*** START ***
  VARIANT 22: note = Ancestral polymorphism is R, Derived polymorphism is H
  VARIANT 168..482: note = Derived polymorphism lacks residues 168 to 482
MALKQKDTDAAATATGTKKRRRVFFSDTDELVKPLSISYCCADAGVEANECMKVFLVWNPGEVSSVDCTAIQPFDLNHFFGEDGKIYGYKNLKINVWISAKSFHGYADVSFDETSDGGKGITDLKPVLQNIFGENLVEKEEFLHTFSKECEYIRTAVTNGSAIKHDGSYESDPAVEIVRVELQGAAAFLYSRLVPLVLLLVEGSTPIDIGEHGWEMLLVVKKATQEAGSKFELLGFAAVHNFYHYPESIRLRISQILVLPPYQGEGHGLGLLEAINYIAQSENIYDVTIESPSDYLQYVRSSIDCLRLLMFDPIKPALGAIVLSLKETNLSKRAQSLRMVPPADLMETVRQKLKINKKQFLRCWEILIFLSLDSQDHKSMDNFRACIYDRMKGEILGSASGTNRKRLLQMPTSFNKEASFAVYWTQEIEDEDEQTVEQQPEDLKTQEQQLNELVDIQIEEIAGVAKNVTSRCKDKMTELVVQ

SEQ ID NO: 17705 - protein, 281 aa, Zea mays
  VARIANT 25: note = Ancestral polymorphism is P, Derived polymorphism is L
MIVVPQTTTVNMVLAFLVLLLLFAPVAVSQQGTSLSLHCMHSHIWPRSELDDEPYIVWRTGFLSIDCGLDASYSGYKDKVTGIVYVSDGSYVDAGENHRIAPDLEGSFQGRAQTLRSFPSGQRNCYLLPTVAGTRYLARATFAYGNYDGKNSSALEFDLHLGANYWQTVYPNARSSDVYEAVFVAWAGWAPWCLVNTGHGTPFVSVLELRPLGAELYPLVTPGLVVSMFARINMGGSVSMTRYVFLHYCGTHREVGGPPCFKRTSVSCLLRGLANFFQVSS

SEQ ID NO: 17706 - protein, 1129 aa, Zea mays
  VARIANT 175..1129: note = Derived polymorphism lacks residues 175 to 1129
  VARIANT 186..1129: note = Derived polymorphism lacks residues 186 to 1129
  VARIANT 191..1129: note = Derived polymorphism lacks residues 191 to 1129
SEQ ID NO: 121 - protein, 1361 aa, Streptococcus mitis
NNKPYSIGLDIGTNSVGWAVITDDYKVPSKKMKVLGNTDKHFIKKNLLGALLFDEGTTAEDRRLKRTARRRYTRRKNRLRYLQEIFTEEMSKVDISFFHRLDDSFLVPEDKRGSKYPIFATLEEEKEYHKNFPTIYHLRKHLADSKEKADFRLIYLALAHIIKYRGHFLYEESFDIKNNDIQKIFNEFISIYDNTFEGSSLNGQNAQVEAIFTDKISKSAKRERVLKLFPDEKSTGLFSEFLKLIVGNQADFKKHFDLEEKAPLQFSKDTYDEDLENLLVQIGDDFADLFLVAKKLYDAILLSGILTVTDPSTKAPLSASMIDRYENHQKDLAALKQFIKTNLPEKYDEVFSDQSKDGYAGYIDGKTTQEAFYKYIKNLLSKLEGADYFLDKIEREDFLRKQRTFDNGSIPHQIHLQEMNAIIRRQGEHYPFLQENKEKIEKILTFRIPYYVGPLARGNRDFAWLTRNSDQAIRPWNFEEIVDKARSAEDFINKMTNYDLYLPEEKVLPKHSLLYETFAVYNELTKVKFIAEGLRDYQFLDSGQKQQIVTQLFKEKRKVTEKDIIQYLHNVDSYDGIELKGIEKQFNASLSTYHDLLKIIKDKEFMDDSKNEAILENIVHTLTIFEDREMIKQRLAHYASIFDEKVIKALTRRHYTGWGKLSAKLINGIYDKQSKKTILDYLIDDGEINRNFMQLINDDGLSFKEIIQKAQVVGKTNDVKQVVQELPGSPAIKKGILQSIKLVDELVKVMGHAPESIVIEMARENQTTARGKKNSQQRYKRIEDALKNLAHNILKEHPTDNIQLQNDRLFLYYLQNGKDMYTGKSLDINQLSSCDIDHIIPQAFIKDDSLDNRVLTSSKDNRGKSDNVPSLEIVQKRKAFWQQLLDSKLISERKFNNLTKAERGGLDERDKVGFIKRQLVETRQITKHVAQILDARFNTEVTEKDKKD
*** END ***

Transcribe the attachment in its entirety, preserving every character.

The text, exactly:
  VARIANT 22: note = Ancestral polymorphism is R, Derived polymorphism is H
  VARIANT 168..482: note = Derived polymorphism lacks residues 168 to 482
MALKQKDTDAAATATGTKKRRRVFFSDTDELVKPLSISYCCADAGVEANECMKVFLVWNPGEVSSVDCTAIQPFDLNHFFGEDGKIYGYKNLKINVWISAKSFHGYADVSFDETSDGGKGITDLKPVLQNIFGENLVEKEEFLHTFSKECEYIRTAVTNGSAIKHDGSYESDPAVEIVRVELQGAAAFLYSRLVPLVLLLVEGSTPIDIGEHGWEMLLVVKKATQEAGSKFELLGFAAVHNFYHYPESIRLRISQILVLPPYQGEGHGLGLLEAINYIAQSENIYDVTIESPSDYLQYVRSSIDCLRLLMFDPIKPALGAIVLSLKETNLSKRAQSLRMVPPADLMETVRQKLKINKKQFLRCWEILIFLSLDSQDHKSMDNFRACIYDRMKGEILGSASGTNRKRLLQMPTSFNKEASFAVYWTQEIEDEDEQTVEQQPEDLKTQEQQLNELVDIQIEEIAGVAKNVTSRCKDKMTELVVQ

SEQ ID NO: 17705 - protein, 281 aa, Zea mays
  VARIANT 25: note = Ancestral polymorphism is P, Derived polymorphism is L
MIVVPQTTTVNMVLAFLVLLLLFAPVAVSQQGTSLSLHCMHSHIWPRSELDDEPYIVWRTGFLSIDCGLDASYSGYKDKVTGIVYVSDGSYVDAGENHRIAPDLEGSFQGRAQTLRSFPSGQRNCYLLPTVAGTRYLARATFAYGNYDGKNSSALEFDLHLGANYWQTVYPNARSSDVYEAVFVAWAGWAPWCLVNTGHGTPFVSVLELRPLGAELYPLVTPGLVVSMFARINMGGSVSMTRYVFLHYCGTHREVGGPPCFKRTSVSCLLRGLANFFQVSS

SEQ ID NO: 17706 - protein, 1129 aa, Zea mays
  VARIANT 175..1129: note = Derived polymorphism lacks residues 175 to 1129
  VARIANT 186..1129: note = Derived polymorphism lacks residues 186 to 1129
  VARIANT 191..1129: note = Derived polymorphism lacks residues 191 to 1129
SEQ ID NO: 121 - protein, 1361 aa, Streptococcus mitis
NNKPYSIGLDIGTNSVGWAVITDDYKVPSKKMKVLGNTDKHFIKKNLLGALLFDEGTTAEDRRLKRTARRRYTRRKNRLRYLQEIFTEEMSKVDISFFHRLDDSFLVPEDKRGSKYPIFATLEEEKEYHKNFPTIYHLRKHLADSKEKADFRLIYLALAHIIKYRGHFLYEESFDIKNNDIQKIFNEFISIYDNTFEGSSLNGQNAQVEAIFTDKISKSAKRERVLKLFPDEKSTGLFSEFLKLIVGNQADFKKHFDLEEKAPLQFSKDTYDEDLENLLVQIGDDFADLFLVAKKLYDAILLSGILTVTDPSTKAPLSASMIDRYENHQKDLAALKQFIKTNLPEKYDEVFSDQSKDGYAGYIDGKTTQEAFYKYIKNLLSKLEGADYFLDKIEREDFLRKQRTFDNGSIPHQIHLQEMNAIIRRQGEHYPFLQENKEKIEKILTFRIPYYVGPLARGNRDFAWLTRNSDQAIRPWNFEEIVDKARSAEDFINKMTNYDLYLPEEKVLPKHSLLYETFAVYNELTKVKFIAEGLRDYQFLDSGQKQQIVTQLFKEKRKVTEKDIIQYLHNVDSYDGIELKGIEKQFNASLSTYHDLLKIIKDKEFMDDSKNEAILENIVHTLTIFEDREMIKQRLAHYASIFDEKVIKALTRRHYTGWGKLSAKLINGIYDKQSKKTILDYLIDDGEINRNFMQLINDDGLSFKEIIQKAQVVGKTNDVKQVVQELPGSPAIKKGILQSIKLVDELVKVMGHAPESIVIEMARENQTTARGKKNSQQRYKRIEDALKNLAHNILKEHPTDNIQLQNDRLFLYYLQNGKDMYTGKSLDINQLSSCDIDHIIPQAFIKDDSLDNRVLTSSKDNRGKSDNVPSLEIVQKRKAFWQQLLDSKLISERKFNNLTKAERGGLDERDKVGFIKRQLVETRQITKHVAQILDARFNTEVTEKDKKD